It’s not just teenagers that can eat you out of house and home.
Your grocery bill is one of your biggest expenses that you can’t avoid. You can, however, slice it in half with these smart tips to save money on groceries.
- Setting yourself up for grocery saving success even before you set foot out of your home
- Coming up with a game plan to tackle your supermarket shopping
- How to continue to reap benefits even after you return from the store
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What is the best way to save on groceries?
Following the tips that will actually turn into habits.
You gotta eat everyday, so the grocery shopping thing is not going away. And because this isn’t a one-time task, aiming to build money-saving habits are what will bring you a real (and recurring) benefit.
So take what you will from the massive list below and start making grocery shopping on a budget second nature!
Before you go to the store
Shopping to save actually starts at home, before you even step foot inside the grocery store. Preparing for your trip to the grocery store is as easy as 1-2-3:
See what you already have
Wasted food means money down the drain, so always take the time to double check what you have in the pantry, fridge, and freezer (use our free kitchen inventory printable to mark it!) before heading out.
Try to plan meals around what you already have at home, so that you can spend less at the store.
This simply means deciding beforehand what you’ll eat each day. From that plan, you can then create a shopping list that you should stick to when you hit the store.
Making a budget meal plan helps you save money because you won’t end up with unused groceries, plus you can make a point to incorporate cheaper ingredients or what’s on sale.
Check local ads
Check your newspaper or grocery budget apps to price shop & see what items are on sale. If you see a great deal, incorporate those items into your meals for the week or stock up if it’s a non-perishable item.
Where to go
You have more choices than you think when it comes to comes to where you buy your groceries from. Besides your local grocery store, here are some other options to consider too:
We get all of our non-perishable staples from Costco and Sam’s Clubs, which equals huge savings on ingredients we regularly use. If you don’t think you can use that much, consider splitting the purchase with friends or family so everyone can get in on the great pricing.
Online (aka Amazon)
What started off as a bookstore has now become a huge retail powerhouse that carries virtually everything, including groceries!
Their prices are pretty competitive, particularly specialty ingredients like allergen-free stuff (gluten-free is a good buy)!
Shopping in Chinatown is a real bargain. Your dollar often goes much further than in American stores because ethnic markets typically don’t spend as much on marketing and ambiance. We usually get 2-3 times as much food as we get at our local grocery store, which is why we shop here first.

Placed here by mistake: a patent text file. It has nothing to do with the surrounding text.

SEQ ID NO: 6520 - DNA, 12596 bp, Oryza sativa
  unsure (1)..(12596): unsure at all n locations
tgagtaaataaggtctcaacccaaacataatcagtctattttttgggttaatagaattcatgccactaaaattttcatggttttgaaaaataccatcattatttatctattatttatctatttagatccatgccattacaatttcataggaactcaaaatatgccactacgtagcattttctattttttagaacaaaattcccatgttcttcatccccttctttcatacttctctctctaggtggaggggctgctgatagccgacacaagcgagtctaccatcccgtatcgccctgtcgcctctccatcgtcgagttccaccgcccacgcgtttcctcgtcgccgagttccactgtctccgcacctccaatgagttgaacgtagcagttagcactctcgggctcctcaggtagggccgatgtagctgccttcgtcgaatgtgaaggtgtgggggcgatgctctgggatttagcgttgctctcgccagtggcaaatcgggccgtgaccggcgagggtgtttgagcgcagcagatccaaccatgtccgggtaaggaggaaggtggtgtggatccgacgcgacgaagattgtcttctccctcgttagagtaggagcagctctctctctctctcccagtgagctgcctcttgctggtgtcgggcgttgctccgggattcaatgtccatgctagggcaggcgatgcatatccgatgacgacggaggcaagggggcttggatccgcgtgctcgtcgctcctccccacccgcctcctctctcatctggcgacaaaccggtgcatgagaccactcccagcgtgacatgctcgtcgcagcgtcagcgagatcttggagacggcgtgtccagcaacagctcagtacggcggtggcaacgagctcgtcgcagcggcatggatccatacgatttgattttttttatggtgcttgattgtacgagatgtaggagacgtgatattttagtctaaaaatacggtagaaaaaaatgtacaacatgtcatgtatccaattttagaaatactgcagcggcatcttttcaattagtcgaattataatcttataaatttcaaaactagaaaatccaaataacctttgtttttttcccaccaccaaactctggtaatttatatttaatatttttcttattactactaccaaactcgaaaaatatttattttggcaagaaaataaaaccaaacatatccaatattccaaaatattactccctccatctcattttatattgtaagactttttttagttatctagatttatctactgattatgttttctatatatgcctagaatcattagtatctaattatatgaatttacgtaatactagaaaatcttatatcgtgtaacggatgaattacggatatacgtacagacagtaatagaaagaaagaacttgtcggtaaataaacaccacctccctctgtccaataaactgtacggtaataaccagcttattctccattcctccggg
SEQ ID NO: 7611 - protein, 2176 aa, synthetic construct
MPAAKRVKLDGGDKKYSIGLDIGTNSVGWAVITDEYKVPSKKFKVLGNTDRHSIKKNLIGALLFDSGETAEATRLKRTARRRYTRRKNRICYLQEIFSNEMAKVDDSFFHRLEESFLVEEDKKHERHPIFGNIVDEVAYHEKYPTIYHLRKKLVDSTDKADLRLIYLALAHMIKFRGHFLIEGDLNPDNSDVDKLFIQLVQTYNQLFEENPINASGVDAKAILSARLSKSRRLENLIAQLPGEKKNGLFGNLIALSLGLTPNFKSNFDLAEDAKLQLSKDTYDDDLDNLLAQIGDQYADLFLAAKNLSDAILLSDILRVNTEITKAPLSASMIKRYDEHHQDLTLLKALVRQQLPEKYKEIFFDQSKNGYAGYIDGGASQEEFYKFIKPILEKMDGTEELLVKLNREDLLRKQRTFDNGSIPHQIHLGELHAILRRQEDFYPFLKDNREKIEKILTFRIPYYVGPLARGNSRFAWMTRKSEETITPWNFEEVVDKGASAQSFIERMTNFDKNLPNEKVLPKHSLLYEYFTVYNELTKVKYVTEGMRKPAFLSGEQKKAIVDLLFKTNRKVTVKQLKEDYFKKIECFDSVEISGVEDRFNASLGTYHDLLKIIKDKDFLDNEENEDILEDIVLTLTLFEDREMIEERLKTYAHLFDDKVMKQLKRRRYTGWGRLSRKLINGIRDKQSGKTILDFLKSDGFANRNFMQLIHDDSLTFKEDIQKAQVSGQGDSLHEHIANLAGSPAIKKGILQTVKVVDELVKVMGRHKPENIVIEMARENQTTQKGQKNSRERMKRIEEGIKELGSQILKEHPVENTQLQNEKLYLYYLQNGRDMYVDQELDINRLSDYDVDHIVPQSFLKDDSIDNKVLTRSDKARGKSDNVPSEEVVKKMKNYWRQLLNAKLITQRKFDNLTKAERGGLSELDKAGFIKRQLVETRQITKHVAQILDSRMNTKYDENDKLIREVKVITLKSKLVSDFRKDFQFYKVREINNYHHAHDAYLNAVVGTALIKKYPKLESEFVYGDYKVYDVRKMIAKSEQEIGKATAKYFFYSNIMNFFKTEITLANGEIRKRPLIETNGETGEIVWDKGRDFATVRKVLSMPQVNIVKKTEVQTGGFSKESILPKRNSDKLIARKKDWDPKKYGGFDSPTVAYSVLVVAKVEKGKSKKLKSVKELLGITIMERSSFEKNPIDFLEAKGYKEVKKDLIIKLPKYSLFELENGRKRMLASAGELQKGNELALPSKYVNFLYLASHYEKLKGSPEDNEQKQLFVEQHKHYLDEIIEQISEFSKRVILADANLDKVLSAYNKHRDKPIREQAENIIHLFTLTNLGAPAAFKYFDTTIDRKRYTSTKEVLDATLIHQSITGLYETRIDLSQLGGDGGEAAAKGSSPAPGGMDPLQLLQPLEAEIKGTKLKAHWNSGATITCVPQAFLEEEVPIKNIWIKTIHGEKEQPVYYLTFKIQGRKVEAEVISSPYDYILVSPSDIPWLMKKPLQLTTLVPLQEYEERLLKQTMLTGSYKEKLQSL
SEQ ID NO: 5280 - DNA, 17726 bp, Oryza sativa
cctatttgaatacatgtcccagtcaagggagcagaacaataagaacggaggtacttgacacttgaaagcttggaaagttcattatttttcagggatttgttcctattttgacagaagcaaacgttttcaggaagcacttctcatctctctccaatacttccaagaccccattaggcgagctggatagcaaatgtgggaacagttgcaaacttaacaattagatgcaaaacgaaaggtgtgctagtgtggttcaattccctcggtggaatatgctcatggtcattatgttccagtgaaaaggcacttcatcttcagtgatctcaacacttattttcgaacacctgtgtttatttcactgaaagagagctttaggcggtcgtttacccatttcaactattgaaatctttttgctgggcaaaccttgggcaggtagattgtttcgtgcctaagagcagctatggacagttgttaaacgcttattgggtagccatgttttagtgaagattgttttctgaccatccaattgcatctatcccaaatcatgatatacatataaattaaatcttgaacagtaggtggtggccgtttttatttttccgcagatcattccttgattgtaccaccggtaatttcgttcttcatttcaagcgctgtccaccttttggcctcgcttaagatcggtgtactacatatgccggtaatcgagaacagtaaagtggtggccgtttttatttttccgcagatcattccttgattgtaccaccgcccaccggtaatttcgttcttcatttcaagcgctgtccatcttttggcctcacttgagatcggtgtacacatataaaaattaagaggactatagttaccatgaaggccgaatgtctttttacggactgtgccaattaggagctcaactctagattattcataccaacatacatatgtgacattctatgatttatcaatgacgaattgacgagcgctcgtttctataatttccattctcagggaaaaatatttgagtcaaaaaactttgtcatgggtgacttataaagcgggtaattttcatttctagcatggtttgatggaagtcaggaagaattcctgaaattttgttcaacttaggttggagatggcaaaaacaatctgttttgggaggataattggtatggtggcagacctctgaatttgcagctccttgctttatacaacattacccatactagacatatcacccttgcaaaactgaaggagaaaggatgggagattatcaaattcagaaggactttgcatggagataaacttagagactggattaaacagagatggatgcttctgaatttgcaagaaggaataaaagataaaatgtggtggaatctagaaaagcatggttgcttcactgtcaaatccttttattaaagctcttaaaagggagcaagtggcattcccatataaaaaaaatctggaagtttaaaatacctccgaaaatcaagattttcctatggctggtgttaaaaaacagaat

In terms of selection, you can find all the same produce, many of the same staples, and of course, a few ethnic specialties – all at much better prices.
Farmers markets are another great place to get delicious, fresh produce at a good price. No-frills packaging, low overhead, word-of-mouth marketing, and selling directly to the customer means vendors can usually offer excellent prices for their goods. They’re also usually quite happy to answer questions about seasonality, recipes, and picking the best produce.
What to buy
Grocery stores are all about choice, all of which have different price points. Keep these tips in mind to make sure you get the most bang for your buck:
Consider going super economical at least one meal a day
Some food items are just way, way cheaper than others. A great way to slash your grocery bill cost is to set a super frugal meal option as your standard breakfast or lunch.
For example, oatmeal is dirt-cheap. Aunty Chang usually gets a huge box at Amazon or a bulk store for less than $15, adds bananas and cinnamon, and feeds herself breakfast for the entire month for under $40.
Lunch can be as simple as a PB&J sandwich, a rice bowl with black beans & salsa, or lentil soup. All of these cheap meals can be made for easily under $2 a serving.
Hundreds of insanely cheap meal ideas are literally at your fingertips. Google “cheap breakfast ideas” or “cheap lunch ideas” to find some that tickle your taste buds a little.
Or, check out our post on cheap meal ideas to take out some of the guesswork of compiling tasty, healthy meals for the family on a budget.
Buy frozen produce
Frozen isn’t just the most astoundingly popular kids movie of all time, it’s a smart way to buy produce too. In addition to help you saving big (especially if you buy your frozen goods from a warehouse club), you’ll get these added benefits too:
- Produce is frozen at peak freshness and flavor
- No prep work required
- No spoiled or damaged product
Go seasonal with fresh produce
If you rather not head straight to the freezer for your fruits and veggies, make sure you buy what’s in season to optimize taste, quality, and your budget.
We’ve got a free seasonal produce guide that you can download for easy reference.
Big-name brands spend tons of money on marketing and packaging. You don’t have to foot their bill for them, you know. Don’t be afraid to go with generic brand items, which are often significantly cheaper.
The one exception: if you see that the brand-name version is on sale, double check both prices. Sometimes the store will price the name brand item low enough that it becomes the better deal.